Friday, April 13, 2001

Kids to receive 2 more shots

By Mark R. Chellgren
The Associated Press

        FRANKFORT — To the already long list of shots children must get, add two more.

        Starting Aug. 1, children entering school or licensed care facilities will have to be immunized for chickenpox. And for children entering the sixth grade, a series of vaccines for hepatitis B will be required.

        Dr. Glyn Caldwell of the state Cabinet for Health Services, said the new immunization requirements were added at the recommendation of the Centers for Disease Control and Prevention and other medical groups.

        Chickenpox, considered a common childhood ailment in generations past, is now recognized as a more serious problem.

        “It is one of the things that, in severe cases, can make children deaf, blind, retarded and, rarely, killed,” Dr. Caldwell said.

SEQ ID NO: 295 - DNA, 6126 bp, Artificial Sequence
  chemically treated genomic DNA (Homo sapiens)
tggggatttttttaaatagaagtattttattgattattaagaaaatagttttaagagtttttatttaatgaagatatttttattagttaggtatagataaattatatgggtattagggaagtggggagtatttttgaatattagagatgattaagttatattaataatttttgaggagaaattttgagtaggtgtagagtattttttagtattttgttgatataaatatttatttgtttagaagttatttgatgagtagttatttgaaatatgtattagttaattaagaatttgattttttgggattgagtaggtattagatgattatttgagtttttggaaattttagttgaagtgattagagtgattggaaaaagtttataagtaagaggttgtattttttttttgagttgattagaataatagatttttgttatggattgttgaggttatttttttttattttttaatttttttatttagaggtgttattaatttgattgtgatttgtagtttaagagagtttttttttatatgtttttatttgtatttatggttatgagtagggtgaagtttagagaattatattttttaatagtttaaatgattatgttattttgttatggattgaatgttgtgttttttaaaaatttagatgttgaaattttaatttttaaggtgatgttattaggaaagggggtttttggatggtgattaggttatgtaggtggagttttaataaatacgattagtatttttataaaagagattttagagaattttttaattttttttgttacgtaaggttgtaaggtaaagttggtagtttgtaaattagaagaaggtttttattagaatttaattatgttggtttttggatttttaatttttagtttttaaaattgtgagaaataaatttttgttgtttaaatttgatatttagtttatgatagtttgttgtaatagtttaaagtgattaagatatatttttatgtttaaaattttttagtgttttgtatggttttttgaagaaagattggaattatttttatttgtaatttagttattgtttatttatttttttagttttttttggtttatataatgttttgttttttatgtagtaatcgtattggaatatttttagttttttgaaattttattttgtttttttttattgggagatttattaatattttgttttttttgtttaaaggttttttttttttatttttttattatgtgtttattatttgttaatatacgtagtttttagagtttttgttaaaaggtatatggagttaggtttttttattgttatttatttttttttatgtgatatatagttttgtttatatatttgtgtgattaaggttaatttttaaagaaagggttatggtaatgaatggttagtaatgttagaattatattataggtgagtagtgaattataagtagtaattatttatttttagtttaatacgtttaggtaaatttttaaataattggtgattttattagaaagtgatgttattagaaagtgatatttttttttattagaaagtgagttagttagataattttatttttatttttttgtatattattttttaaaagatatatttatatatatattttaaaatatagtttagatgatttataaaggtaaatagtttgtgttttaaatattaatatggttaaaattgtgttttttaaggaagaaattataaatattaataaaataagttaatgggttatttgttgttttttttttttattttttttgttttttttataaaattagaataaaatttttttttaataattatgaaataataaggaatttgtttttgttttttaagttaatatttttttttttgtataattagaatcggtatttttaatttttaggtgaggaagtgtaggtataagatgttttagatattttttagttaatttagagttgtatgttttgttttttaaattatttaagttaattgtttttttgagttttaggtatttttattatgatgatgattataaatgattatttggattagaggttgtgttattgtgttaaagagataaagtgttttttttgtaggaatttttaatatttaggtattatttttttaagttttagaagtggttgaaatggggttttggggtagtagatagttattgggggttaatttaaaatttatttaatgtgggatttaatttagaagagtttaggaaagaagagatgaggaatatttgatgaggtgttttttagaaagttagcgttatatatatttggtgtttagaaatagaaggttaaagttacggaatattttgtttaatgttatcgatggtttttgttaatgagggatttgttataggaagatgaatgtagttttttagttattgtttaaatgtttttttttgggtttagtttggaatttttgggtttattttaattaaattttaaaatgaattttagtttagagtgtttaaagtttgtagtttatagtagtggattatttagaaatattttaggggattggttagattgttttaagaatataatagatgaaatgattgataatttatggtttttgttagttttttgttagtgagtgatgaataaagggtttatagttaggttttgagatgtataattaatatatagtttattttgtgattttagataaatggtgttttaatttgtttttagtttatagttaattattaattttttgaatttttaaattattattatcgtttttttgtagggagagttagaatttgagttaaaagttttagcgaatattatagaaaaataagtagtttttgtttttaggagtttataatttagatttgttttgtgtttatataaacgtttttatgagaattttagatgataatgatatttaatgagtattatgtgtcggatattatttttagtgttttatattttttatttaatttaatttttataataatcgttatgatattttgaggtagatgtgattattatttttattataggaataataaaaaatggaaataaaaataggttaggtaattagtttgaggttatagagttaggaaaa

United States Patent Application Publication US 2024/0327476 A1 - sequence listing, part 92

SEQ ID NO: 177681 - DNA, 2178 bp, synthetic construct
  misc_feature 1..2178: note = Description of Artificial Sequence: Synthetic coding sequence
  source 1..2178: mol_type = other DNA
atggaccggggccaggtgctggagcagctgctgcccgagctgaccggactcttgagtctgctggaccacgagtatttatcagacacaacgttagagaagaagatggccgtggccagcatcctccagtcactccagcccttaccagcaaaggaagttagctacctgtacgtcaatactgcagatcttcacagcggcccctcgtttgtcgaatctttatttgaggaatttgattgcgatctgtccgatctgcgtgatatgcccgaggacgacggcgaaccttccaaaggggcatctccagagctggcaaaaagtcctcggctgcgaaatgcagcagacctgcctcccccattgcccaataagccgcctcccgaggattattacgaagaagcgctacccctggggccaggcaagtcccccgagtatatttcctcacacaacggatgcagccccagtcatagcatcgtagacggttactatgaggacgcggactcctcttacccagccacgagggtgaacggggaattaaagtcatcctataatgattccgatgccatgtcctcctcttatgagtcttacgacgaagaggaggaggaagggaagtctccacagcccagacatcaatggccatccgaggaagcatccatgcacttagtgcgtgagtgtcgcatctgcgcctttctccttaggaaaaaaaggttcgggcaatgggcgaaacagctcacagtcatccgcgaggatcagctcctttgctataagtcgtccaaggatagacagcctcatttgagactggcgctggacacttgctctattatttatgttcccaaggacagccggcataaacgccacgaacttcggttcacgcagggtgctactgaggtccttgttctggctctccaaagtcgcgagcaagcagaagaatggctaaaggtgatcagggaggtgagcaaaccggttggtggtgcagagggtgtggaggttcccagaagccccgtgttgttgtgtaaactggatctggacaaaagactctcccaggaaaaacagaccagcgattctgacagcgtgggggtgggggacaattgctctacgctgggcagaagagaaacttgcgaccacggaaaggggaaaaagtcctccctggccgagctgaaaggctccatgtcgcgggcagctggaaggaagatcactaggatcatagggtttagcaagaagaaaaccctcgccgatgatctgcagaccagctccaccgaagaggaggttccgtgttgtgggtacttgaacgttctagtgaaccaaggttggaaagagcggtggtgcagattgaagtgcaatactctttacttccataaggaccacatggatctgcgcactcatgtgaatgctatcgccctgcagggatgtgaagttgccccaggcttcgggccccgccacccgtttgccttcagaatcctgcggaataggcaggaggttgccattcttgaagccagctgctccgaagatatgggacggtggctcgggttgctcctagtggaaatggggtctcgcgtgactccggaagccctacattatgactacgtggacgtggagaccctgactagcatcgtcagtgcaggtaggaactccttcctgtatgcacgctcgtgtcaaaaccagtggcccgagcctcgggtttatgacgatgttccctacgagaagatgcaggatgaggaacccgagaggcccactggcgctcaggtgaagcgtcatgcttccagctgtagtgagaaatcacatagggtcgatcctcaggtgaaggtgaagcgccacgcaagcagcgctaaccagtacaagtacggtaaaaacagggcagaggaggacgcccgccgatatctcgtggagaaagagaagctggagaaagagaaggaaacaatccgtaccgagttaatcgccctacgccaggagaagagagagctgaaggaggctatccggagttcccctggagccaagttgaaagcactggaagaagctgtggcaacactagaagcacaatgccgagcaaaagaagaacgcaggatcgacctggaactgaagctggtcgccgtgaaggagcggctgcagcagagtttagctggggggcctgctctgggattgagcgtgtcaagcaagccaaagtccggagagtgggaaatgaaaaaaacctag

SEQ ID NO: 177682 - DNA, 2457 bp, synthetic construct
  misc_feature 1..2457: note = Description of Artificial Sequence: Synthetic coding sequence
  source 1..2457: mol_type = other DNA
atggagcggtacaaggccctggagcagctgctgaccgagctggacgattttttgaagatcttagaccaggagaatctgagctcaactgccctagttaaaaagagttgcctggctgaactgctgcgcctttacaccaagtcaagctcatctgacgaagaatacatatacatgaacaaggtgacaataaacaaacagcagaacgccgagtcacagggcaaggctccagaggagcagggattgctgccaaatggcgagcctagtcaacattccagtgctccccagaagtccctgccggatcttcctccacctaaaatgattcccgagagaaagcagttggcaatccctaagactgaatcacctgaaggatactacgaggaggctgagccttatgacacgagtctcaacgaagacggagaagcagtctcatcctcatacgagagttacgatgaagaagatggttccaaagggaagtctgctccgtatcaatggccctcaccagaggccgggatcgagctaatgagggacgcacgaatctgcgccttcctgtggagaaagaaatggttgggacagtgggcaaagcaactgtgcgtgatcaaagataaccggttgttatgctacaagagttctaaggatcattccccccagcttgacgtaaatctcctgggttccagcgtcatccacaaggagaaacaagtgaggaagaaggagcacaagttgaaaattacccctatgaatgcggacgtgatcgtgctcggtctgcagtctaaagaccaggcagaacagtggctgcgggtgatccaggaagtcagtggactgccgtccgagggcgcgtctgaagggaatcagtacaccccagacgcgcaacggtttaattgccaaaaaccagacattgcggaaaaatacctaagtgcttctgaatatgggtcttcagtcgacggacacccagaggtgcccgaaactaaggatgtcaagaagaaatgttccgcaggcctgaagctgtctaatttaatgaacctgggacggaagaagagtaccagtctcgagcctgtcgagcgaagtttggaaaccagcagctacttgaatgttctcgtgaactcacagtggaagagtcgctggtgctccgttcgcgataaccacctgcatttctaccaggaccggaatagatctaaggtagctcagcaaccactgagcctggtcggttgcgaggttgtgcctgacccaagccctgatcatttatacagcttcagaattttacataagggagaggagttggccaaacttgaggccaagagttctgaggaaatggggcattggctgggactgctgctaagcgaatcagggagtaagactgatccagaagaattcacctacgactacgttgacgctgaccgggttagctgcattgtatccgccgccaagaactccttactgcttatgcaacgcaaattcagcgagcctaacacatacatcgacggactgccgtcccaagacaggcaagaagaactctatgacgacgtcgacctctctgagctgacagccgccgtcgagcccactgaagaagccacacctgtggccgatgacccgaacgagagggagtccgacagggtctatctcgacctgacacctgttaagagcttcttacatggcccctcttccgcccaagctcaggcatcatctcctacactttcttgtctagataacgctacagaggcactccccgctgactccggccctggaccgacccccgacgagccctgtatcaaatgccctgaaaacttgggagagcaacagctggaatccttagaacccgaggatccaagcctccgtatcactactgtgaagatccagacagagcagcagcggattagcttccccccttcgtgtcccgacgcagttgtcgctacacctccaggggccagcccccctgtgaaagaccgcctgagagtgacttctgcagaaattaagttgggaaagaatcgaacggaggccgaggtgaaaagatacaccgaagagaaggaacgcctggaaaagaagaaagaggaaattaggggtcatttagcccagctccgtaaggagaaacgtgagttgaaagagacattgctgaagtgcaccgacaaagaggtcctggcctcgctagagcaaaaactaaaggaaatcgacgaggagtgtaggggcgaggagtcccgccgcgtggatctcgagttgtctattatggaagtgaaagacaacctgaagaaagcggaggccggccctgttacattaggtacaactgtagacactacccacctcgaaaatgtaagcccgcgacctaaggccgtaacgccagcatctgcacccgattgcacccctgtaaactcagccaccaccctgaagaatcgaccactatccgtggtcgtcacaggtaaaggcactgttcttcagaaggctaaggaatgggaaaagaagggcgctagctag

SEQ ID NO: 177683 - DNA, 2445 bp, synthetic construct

The chickenpox vaccination will be required of children 19 months to 7 years old.

        The hepatitis vaccine will be required only for sixth-graders through the 2008-09 school year because such shots are now on the list for younger children. Public health officials are trying to catch up with an age group that was missed.

        Vaccinations already required include those for diphtheria, tetanus, pertussis, polio, measles, mumps, rubella and an influenza shot known by its acronym Hib.

        The immunizations are available through county health departments, clinics or private medical offices.

        The total cost of the vaccines is $390.14, but the cost to patients is far less. The Health Services cabinet buys the vaccines and provides them to county health departments and some physicians for eligible people. Most private insurance companies also cover the cost of vaccinations. Most health departments charge a $5 fee for immunizations, but that can also be waived.


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